Going out with friends was a doddle because I quickly realised it’s about who you’re with and not what or how much you’re drinking. Nobody gave me any hassle at all, except for a barman at a cocktail-making hen night who could not understand why I was there. I just asked him to pass me the coffee!
The hardest part for me was having a bad day. Coming home after a stressful day and thinking ‘God, I want a glass of wine’ was a shock to me – I realised that I was drinking to manage stress and emotions, and once I’d stopped, I even began having aggressive dreams about emotional situations from my youth. It passed, but it really made me think how bad habits had masked feelings for years.
How did that year make a difference in your life?
It gave me permission to try out what was right for me, to test the waters, to find the pattern of behaviour that suits my wellbeing. It also gave me the opportunity to learn about myself and trust my own personal journey.
Something I realised throughout the year is how much pressure I’d put on my partner to drink to make sure that we didn’t stop getting invited to social occasions. I must be with the only Frenchman who doesn’t really drink, and I used to put pressure on him to drink with me when he wasn’t really that bothered, and that wasn’t really fair.
I also found that it got easier and clearer as time went on. The biggest difference for me was the mornings. I’m still not a morning person, despite hoping that giving up would turn me into one, but instead of waking up groggy and fuzzy-headed on my day off, I now go to a 09:30 am Pilates class!
I was learning that I was capable of things, good and bad, that I hadn’t known about myself. So when Christmas rolled around and the year was up, I set myself a new challenge: to allow myself 100 drinks only for the next year. I began a tally on my phone, which helped in the beginning, but I started overthinking it and trying to save up my quota. As with all experiments and new things, though, it became easier and now I’m 60 drinks in with 40 to go and I don’t even really want to hit the 100 drink target – I’m not going to down 40 glasses of wine between now and 2021!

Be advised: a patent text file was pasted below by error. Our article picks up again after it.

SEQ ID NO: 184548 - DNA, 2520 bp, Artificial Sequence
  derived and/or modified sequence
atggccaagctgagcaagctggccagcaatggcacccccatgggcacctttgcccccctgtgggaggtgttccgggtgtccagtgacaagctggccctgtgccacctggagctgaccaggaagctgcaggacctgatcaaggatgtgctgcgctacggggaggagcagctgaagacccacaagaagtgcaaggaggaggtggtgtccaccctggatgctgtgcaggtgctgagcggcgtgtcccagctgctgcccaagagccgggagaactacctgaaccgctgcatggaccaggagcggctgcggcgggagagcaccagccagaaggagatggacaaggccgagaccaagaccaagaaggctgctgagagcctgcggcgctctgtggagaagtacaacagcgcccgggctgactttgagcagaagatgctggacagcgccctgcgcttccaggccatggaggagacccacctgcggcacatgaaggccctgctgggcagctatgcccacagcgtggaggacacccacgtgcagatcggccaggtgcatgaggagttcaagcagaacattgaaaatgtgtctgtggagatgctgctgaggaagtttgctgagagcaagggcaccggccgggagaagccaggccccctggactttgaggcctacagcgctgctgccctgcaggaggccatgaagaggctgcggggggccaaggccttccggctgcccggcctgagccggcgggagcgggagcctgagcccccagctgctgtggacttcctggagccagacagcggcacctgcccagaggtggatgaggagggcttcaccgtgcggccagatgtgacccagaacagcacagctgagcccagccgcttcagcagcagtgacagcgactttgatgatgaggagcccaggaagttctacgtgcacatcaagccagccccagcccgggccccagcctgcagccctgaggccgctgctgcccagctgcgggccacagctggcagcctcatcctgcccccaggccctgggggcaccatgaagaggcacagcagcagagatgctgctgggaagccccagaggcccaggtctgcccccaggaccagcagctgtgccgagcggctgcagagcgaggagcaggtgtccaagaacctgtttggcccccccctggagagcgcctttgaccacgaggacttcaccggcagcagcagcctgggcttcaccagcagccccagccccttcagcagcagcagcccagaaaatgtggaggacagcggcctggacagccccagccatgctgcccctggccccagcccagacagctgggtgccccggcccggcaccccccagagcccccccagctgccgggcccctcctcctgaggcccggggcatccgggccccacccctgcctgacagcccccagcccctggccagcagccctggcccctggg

How did you find the jump from a total year-long break to moderating your drinking?
My plan was never to give up forever, so when I met up with friends I hadn’t seen for a while and was handed a glass of champagne, it wasn’t a big deal. For me, it’s all about learning and adapting rather than sobriety or drinking; for example, I love a beer with a curry and thought I’d have one, but found myself pouring it down the sink and opening a Heineken 0% instead! At the same time, I’m 50 next week and intend on having one glass of champagne with my partner to toast my birthday. Being able to be in control of it – the drinking, the urges, the anxiety, my wellbeing – and not let it be in control of me is a big change for me, but it’s working.
I needed to set myself certain boundaries: 10 days, one year, 100 drinks. They were crucial steps in my personal journey of self-discovery. But now, I don’t need them anymore as I am aware of my own boundaries and can trust myself to know what’s too much for me. I’m really proud of myself.
What would you say to those who are nervous of moderation?
There are those who are able to moderate, and there are those who aren’t. But it’s not about giving people a formula to follow to solve all their problems, it’s an inherently personal experience. It’s about learning to know yourself and your limits. It’s not about false hope, but rather about personal validation. We’re all learning all the time – I had two nights of drinking a glass of wine close together recently and learned it’s not good for me, my wellbeing and my anxiety. You try things out, you make mistakes, you learn from them and, crucially, you talk with others about them and share your experiences so that they can decide if this process is right for them.
It’s such a relief to stop thinking in a black-and-white way like I used to. It’s so seldom that I drink now, so seldom that I think about drinking, and it’s a lovely, freeing feeling. It’s empowering to have a feeling of certainty about my choices.